Archive | Sunsets RSS feed for this section

Sunrise, Sunset

22 Jan


One of the things that those who travel to southern climes find the most difficult to convey to their otherwise appreciative audiences is the colours. I know that sounds very odd, but let me give you an example. On our first trip to Baja, we stayed at an absolutely beautiful beach called Ensenada Blanca, (White Cove). Our neighbours were a young artist and his wife, who travelled Mexico so that he could paint postcard size pictures of all the places they saw. He told us that his work sold well, but the biggest complaint he got from his customers was that he had obviously over emphasized the colours. People just wouldn’t believe that what he was painting were the actual colours he was seeing.


It probably has something to do with the difference in light refraction as one moves closer to the equator, maybe it also has to do with the desert and reflected light, I don’t really know, this is a science that I’m way out of my depth on. What I do know is that everything here, whether it’s natural or man-made has a colour vibrancy to it that doesn’t seem to exist in the cooler climes.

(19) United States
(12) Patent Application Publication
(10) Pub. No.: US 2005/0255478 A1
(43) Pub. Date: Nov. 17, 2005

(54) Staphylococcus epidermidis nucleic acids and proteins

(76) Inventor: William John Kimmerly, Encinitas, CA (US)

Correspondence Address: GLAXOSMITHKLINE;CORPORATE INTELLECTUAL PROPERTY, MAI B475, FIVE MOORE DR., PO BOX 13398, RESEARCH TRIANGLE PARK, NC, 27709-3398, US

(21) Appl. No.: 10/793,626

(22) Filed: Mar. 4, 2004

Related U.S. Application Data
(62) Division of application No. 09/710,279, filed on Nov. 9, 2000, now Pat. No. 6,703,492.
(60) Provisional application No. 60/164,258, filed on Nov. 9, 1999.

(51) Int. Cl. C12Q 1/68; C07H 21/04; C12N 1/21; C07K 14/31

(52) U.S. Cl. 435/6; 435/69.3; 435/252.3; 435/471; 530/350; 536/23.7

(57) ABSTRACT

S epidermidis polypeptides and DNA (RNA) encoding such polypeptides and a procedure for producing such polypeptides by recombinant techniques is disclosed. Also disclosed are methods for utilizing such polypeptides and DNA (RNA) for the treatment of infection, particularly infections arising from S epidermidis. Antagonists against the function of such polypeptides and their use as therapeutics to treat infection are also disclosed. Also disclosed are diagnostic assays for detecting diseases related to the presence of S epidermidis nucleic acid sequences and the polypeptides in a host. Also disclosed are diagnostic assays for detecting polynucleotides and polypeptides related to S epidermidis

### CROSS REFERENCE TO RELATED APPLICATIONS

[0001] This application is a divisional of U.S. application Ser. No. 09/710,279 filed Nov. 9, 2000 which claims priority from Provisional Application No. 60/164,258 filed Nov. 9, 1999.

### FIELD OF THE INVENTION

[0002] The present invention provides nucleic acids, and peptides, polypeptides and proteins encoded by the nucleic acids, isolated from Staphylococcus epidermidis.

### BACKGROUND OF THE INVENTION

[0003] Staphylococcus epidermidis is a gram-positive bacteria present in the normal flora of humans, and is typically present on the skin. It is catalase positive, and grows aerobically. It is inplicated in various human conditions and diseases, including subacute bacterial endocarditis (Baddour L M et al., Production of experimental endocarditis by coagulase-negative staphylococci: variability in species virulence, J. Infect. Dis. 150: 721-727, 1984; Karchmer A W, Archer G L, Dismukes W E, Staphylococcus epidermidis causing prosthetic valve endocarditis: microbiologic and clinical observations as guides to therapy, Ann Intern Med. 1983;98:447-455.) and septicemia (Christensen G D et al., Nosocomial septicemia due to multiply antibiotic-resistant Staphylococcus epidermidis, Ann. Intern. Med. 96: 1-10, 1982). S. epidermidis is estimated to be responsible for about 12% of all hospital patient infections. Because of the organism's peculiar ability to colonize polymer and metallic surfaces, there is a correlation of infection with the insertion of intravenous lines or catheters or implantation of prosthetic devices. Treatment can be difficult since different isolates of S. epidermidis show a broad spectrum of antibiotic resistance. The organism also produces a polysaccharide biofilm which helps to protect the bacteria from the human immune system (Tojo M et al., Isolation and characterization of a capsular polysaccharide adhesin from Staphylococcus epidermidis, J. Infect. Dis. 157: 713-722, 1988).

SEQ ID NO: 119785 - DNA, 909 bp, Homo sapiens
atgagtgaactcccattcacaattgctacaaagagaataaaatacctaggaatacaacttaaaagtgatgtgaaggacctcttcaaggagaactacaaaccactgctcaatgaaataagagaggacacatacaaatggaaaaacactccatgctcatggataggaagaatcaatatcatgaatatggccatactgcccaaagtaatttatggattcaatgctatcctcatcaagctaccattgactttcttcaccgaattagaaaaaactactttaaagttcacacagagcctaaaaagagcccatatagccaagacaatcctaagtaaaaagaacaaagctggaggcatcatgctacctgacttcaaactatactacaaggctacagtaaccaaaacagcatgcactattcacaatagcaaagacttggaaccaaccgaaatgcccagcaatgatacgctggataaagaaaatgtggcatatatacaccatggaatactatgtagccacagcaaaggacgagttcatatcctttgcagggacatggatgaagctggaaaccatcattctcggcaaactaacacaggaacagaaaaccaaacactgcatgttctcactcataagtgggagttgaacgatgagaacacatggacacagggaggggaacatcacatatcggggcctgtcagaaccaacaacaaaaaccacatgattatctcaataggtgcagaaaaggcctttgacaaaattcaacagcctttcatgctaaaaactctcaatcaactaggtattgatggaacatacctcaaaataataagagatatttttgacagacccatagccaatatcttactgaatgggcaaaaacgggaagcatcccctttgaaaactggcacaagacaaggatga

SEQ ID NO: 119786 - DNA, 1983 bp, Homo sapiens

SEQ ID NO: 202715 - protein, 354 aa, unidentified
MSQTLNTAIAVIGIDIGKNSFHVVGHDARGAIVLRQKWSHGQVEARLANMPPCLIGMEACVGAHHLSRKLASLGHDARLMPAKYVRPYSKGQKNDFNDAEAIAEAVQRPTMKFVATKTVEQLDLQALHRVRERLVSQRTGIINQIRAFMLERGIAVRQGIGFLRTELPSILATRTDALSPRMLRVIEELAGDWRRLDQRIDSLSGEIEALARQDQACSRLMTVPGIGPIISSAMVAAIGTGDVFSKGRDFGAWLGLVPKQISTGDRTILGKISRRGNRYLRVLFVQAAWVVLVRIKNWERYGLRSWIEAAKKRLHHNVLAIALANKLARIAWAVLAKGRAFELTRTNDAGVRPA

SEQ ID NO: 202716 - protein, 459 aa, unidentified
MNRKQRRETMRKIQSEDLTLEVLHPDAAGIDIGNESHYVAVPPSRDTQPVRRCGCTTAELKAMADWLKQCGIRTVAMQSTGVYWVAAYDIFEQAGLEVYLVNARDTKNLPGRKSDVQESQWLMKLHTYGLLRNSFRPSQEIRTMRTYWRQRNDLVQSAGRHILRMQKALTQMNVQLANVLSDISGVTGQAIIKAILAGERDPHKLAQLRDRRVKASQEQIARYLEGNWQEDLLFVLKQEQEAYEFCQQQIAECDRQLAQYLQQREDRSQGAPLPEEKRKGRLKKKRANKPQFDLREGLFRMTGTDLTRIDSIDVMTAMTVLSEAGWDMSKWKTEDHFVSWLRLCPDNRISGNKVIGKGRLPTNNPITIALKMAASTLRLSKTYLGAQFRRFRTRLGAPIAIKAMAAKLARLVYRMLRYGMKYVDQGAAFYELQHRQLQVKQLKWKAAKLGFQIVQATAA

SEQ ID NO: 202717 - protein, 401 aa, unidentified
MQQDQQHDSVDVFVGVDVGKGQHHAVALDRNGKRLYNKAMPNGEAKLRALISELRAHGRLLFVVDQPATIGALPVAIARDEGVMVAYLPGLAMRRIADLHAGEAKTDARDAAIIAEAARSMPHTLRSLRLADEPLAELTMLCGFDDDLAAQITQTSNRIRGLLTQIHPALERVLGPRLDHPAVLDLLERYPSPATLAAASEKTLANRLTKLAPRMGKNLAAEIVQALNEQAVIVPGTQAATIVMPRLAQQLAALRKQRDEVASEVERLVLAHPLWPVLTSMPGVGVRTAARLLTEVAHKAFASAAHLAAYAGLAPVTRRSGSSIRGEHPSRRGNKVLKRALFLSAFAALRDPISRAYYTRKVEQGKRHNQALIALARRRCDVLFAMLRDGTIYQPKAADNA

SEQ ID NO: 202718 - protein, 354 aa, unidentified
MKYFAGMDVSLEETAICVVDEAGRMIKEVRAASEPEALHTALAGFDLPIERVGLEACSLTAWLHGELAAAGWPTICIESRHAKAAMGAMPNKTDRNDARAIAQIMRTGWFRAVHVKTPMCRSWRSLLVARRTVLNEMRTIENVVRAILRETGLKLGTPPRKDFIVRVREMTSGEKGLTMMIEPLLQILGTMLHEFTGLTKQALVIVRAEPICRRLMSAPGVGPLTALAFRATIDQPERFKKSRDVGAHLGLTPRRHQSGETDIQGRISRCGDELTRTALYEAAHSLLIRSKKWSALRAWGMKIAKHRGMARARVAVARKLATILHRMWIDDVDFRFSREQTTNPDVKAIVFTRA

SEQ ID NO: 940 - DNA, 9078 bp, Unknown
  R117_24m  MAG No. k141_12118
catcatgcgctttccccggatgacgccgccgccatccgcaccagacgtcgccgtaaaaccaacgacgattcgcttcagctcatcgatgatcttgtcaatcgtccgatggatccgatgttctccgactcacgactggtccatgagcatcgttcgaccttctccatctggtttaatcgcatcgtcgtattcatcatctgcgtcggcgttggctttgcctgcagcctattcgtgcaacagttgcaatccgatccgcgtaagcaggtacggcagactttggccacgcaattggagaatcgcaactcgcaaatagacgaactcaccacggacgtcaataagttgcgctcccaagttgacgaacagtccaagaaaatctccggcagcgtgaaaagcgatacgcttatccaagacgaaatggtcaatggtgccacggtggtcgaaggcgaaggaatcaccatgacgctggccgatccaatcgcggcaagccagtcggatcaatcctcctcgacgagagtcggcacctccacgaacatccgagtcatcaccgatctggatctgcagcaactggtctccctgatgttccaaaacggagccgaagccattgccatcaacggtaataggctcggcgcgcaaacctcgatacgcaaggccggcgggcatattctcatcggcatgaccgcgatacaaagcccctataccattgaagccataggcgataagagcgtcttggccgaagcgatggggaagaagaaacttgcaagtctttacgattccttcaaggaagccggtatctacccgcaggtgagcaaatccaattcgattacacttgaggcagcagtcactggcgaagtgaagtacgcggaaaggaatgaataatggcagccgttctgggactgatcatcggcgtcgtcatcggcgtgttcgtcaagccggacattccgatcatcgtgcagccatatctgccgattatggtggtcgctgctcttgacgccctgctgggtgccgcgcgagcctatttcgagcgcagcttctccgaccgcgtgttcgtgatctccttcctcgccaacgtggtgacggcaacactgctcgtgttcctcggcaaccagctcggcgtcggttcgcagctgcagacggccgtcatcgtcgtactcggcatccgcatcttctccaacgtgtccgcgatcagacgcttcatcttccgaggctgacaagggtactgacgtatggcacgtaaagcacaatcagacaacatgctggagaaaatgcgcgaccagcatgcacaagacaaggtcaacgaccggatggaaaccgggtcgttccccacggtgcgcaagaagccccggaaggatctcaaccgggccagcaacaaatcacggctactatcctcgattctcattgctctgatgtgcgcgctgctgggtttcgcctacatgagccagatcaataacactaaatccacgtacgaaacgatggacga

This seems to be true all over the world, Greece is full of bright colours, and England is not. The hotter the country, the brighter the colours. Hmm, the same can be said for the food, but that’s another story.


You’ve seen the colours I painted the interior of Grummy, well these simply reflect what I find myself surrounded by here every day. The homes in all the villages are a riot of every colour imaginable, the native clothing, (though that is slowly being replaced with “made in China” cheap crap, just like everywhere else) is the same with intricate, primary colours embroidered on creamy white cotton. Even the plant life, especially the Bougainvillea that grows everywhere, explodes with bright, vivid, zest.

Nature herself sets the example, with sunrises and sunsets. Sure I know these occur everywhere on earth, but down here they are so spectacular that we often have “Alerts”. This is when someone is so moved by what they see they call on the VHF radio to let everyone know that Nature is painting a new spectacular.


I’m pretty sure if I checked, I’d find that just about everyone who lives here or visits regularly, probably have hundreds of sunrise and sunset photos. I know of a couple of people who have albums that contain nothing but. Plus Nature never repeats herself, so each picture is a masterpiece of creation.


I have to admit, that the view we have is one many would pay a great deal of money for, but when I add in the palette of colour that nature uses to paint the mornings and evenings with, it takes my breath away. It makes me feel as if I have been given a glimpse into the awesome complexity of the infinite universe, yet at the same time makes me feel very, very insignificant. This is an almost impossible concept to explain, and photos really don’t show what the eye actually sees, but it’s all we have.